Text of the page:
From Cable Street to Raed Saleh, Labour must understand anti-Semitism has shape-shifted

The Labour Party Inquiry into antisemitism is due to report before the end of June. Everything depends on the Inquiry team understanding what it is dealing with: almost never old-fashioned Jew hatred, almost always antisemitic anti-Zionism – i.e. a programme to abolish Israel, a movement to boycott Israel and a discourse that demonises Israel.

Programme, movement, and discourse should be considered as one, each interacting with and reinforcing the other, creating an environment uniquely conducive to the spread of the antisemitic anti-Zionism in the party.

The Party’s crisis began among a minority on the far-left who refused to accept that ‘history has forged a Hebrew speaking Jewish nation on the Eastern shores of the Mediterranean’ as David Hirsh puts it. This minority then adopted the reactionary programme of ending the very existence of Israel. Over the years they justified this programme by a means of a rigid dogma, a code that reduced an entire people to ‘Zios’ and equated Israel with the Nazis. And now we have the grotesque chaos of the party having to suspend its own members, its own councillors, its own Mayors and MPs and to launch an enquiry into antisemitism in its ranks.

Is the party equipped to deal with the problem? We will have to see. It is good that Jeremy Corbyn’s father fought at Cable Street. Mine fought at El Alamein and Monte Cassino. Both helped defeat Fascist and Nazi forms of antisemitism. But this is 2016 not the 1930s or 1940s. The inquiry must grasp that antisemitism is the most protean of hatreds and it has shape-shifted again.

Labour’s crisis has been caused by the spread of a modern anti-Zionism of a particularly excessive, obsessive, and demonising kind. This anti-Israelism has co-mingled with an older set of classical antisemitic themes, prejudices, images and assumptions to create something new: antisemitic anti-Zionism. In short, that which the demonological Jew once was in older forms of antisemitism, demonological Israel now is in contemporary anti-Semitic anti-Zionism: uniquely malevolent, full of blood lust, all-controlling, the hidden hand, tricksy, always acting in bad faith, the obstacle to a better, purer, more spiritual world, uniquely deserving of punishment, and so on.

The party must stop being so intellectually lazy. Antisemitism’s core motif is that the Jews, in their essence, are malign, but over the millennia the content of this perceived malignity has changed with the times and with the needs of the anti-Semites themselves: ‘God-killers,’ ‘aliens,’ ‘cosmopolitans,’ ‘sub-humans’, and now ‘Zionists’, have all served as code words to mark the Jew for destruction. While classic antisemitism wanted to make the world Judenfrei, free of Jews, antisemitic anti-Zionism wants to make the world Judenstaatrein, free of a Jewish state.

The degree to which the party simply does not currently ‘get’ antisemitic anti-Zionism was shown by the warm reception given to the Islamist anti-Semite Raed Salah by Jeremy Corbyn in 2012. Corbyn organised a press conference to defend Salah’s presence in the UK and said of him: ‘He is far from a dangerous man. He is a very honoured citizen, he represents his people extremely well, and his is a voice that must be heard.’ Corbyn even added this personal message to Salah: ‘I look forward to giving you tea on the terrace [of the House of Commons] because you deserve it!’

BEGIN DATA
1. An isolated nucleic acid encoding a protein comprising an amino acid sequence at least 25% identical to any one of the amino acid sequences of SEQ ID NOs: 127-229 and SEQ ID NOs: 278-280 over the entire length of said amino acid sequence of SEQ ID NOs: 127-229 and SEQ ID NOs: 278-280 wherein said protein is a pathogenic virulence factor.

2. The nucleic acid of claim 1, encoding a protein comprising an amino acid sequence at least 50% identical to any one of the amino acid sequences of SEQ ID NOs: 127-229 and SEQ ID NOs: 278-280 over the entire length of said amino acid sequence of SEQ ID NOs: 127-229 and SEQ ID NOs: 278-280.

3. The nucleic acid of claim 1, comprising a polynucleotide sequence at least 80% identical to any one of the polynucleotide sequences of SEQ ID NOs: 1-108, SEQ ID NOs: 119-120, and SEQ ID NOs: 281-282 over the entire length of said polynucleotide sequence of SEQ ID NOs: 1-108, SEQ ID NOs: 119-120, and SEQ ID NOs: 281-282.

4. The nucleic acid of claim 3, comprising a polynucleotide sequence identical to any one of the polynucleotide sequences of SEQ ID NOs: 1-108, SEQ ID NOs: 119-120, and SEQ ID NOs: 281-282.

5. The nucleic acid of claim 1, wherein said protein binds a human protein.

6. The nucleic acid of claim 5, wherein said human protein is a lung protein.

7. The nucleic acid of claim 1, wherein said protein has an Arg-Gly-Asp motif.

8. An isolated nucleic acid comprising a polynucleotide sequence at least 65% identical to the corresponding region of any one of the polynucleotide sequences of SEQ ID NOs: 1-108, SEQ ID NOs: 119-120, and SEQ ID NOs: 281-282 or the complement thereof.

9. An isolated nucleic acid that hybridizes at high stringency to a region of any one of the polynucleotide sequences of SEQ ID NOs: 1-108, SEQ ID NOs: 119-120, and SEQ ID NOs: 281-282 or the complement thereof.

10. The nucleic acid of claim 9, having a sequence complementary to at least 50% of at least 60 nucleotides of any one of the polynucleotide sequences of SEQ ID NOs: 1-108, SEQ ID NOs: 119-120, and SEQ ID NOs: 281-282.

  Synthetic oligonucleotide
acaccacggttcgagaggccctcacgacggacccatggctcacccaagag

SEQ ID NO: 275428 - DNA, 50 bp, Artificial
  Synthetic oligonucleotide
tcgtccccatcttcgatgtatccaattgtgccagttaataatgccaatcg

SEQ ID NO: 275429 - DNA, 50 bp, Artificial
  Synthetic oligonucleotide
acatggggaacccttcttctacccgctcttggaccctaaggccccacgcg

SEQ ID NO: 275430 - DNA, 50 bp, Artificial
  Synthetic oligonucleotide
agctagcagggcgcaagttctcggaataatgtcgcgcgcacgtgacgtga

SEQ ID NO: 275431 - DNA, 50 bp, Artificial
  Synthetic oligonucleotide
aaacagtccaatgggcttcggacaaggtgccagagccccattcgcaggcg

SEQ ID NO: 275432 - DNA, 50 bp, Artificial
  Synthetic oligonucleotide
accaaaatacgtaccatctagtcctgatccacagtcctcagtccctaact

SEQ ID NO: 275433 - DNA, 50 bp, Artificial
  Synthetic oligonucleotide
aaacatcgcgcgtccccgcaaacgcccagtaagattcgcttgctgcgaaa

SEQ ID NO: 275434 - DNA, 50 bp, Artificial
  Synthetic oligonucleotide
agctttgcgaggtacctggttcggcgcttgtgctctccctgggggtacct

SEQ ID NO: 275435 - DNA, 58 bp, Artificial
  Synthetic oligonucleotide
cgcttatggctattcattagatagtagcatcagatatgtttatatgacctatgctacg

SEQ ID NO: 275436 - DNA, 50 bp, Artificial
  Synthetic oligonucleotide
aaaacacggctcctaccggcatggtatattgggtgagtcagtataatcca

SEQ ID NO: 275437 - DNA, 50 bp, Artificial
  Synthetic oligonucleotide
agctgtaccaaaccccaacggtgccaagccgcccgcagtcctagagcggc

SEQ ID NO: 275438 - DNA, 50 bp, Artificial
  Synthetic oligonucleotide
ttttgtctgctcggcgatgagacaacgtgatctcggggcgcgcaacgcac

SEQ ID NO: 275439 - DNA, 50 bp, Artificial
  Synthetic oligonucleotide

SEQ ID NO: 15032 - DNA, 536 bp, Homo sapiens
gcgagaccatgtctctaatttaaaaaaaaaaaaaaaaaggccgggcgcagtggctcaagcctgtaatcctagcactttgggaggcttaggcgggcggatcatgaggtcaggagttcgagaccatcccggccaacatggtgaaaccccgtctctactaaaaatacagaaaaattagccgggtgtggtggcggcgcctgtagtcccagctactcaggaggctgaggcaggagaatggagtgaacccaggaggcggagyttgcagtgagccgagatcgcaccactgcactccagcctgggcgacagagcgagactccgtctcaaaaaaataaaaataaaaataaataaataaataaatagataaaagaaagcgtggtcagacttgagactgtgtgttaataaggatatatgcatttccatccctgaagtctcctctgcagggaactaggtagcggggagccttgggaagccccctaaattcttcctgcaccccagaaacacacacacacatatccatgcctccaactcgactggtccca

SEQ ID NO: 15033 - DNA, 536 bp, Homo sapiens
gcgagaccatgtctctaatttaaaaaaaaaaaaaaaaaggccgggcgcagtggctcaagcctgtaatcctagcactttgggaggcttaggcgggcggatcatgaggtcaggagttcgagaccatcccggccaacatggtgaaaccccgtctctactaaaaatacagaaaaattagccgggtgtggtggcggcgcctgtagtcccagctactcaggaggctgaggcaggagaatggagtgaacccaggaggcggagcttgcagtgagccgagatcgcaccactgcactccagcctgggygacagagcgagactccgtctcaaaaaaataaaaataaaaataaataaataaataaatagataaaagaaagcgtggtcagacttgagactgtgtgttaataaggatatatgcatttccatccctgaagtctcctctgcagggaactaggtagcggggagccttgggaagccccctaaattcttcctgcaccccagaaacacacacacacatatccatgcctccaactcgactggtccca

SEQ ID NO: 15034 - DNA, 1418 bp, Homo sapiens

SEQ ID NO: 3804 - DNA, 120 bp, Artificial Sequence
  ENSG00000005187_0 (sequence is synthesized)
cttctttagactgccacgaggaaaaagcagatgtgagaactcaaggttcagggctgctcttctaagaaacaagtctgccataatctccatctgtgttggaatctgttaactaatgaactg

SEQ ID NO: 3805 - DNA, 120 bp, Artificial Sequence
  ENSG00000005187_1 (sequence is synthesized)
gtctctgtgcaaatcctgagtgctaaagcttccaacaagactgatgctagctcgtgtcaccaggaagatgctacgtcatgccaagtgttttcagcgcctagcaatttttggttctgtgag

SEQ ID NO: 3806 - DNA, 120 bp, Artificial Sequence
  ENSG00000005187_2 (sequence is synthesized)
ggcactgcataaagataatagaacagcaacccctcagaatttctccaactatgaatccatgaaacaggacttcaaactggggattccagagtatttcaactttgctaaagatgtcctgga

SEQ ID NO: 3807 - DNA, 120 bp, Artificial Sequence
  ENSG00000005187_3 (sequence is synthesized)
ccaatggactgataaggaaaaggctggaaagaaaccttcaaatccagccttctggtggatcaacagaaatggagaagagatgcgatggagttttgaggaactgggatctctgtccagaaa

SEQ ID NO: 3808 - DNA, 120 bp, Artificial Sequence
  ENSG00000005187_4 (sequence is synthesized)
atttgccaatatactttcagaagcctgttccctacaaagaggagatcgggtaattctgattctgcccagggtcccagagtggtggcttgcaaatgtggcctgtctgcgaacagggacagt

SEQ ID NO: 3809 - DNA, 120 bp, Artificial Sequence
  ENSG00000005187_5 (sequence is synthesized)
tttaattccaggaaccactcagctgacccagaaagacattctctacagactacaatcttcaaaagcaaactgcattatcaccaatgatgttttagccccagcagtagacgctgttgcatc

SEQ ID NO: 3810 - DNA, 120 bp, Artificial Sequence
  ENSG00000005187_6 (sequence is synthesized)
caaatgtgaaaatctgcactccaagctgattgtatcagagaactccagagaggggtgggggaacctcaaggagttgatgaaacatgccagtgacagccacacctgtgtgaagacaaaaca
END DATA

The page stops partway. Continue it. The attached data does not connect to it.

In fact, Saleh – as many pointed out to Jeremy Corbyn at the time– opposed not the occupation but the ‘bacteria of all times’. He did not criticise Benjamin Netanyahu, but the demonic ‘unique mover’ who was behind 9/11. He did not call for the West to apply diplomatic pressure on Israel but attacked the entire West as a ‘slave to Global Zionism’. These statements were all one click away on the internet and the leader was pointed to them. He ignored them all and instead issued fulsome praise for Saleh. About Saleh’s blood libel speech, the UK Appeal Court decided that ‘We do not find this comment [by Salah] could be taken to be anything other than a reference to the blood libel against Jews.’ It also decided that this would ‘offend and distress Israeli Jews and the wider Jewish community’.

If the party misses this opportunity to construct an intellectual and cultural firewall to separate legitimate criticism of Israeli policy from foul demonization of Israel per se, then the party’s crisis will likely become chronic. Antisemitic anti-Zionism will flourish, the fundamental perception of the party among the electorate will be that Labour is ‘extremist’, there may well be an exodus of long-standing members; and the climate for Jews in this country will become less welcoming and more dangerous. Much is at stake.

Professor Alan Johnson is the editor of Fathom and Senior Research Fellow at BICOM. His 15,000 word submission to the inquiry was titled ‘Antisemitic anti-Zionism: the root of Labour’s crisis.’

About the Author
Alan Johnson is the Editor of Fathom: for a deeper understanding of Israel and the region and Senior Research Fellow at the Britain Israel Communications and Research Centre (BICOM). A professor of democratic theory and practice, he is an editorial board member of Dissent magazine, and a Senior Research Associate at The Foreign Policy Centre. He blogs at The Daily Telegraph and World Affairs.
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